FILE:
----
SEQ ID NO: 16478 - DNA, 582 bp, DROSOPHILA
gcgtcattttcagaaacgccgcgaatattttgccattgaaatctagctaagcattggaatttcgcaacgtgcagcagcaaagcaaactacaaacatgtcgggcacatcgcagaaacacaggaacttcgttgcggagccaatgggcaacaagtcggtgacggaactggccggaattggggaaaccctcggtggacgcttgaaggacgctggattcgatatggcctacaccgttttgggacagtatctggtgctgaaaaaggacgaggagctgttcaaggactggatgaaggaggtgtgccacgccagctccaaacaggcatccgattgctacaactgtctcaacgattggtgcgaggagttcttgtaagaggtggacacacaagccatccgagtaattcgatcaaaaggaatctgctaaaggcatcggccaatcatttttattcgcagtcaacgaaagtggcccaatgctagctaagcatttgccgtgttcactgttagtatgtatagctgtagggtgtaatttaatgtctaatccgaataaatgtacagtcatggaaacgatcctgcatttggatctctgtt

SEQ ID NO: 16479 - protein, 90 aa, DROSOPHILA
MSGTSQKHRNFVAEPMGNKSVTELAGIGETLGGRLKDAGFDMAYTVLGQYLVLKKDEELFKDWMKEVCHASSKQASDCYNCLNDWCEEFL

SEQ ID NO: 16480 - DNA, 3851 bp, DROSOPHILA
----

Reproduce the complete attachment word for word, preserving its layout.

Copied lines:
SEQ ID NO: 16478 - DNA, 582 bp, DROSOPHILA
gcgtcattttcagaaacgccgcgaatattttgccattgaaatctagctaagcattggaatttcgcaacgtgcagcagcaaagcaaactacaaacatgtcgggcacatcgcagaaacacaggaacttcgttgcggagccaatgggcaacaagtcggtgacggaactggccggaattggggaaaccctcggtggacgcttgaaggacgctggattcgatatggcctacaccgttttgggacagtatctggtgctgaaaaaggacgaggagctgttcaaggactggatgaaggaggtgtgccacgccagctccaaacaggcatccgattgctacaactgtctcaacgattggtgcgaggagttcttgtaagaggtggacacacaagccatccgagtaattcgatcaaaaggaatctgctaaaggcatcggccaatcatttttattcgcagtcaacgaaagtggcccaatgctagctaagcatttgccgtgttcactgttagtatgtatagctgtagggtgtaatttaatgtctaatccgaataaatgtacagtcatggaaacgatcctgcatttggatctctgtt

SEQ ID NO: 16479 - protein, 90 aa, DROSOPHILA
MSGTSQKHRNFVAEPMGNKSVTELAGIGETLGGRLKDAGFDMAYTVLGQYLVLKKDEELFKDWMKEVCHASSKQASDCYNCLNDWCEEFL

SEQ ID NO: 16480 - DNA, 3851 bp, DROSOPHILA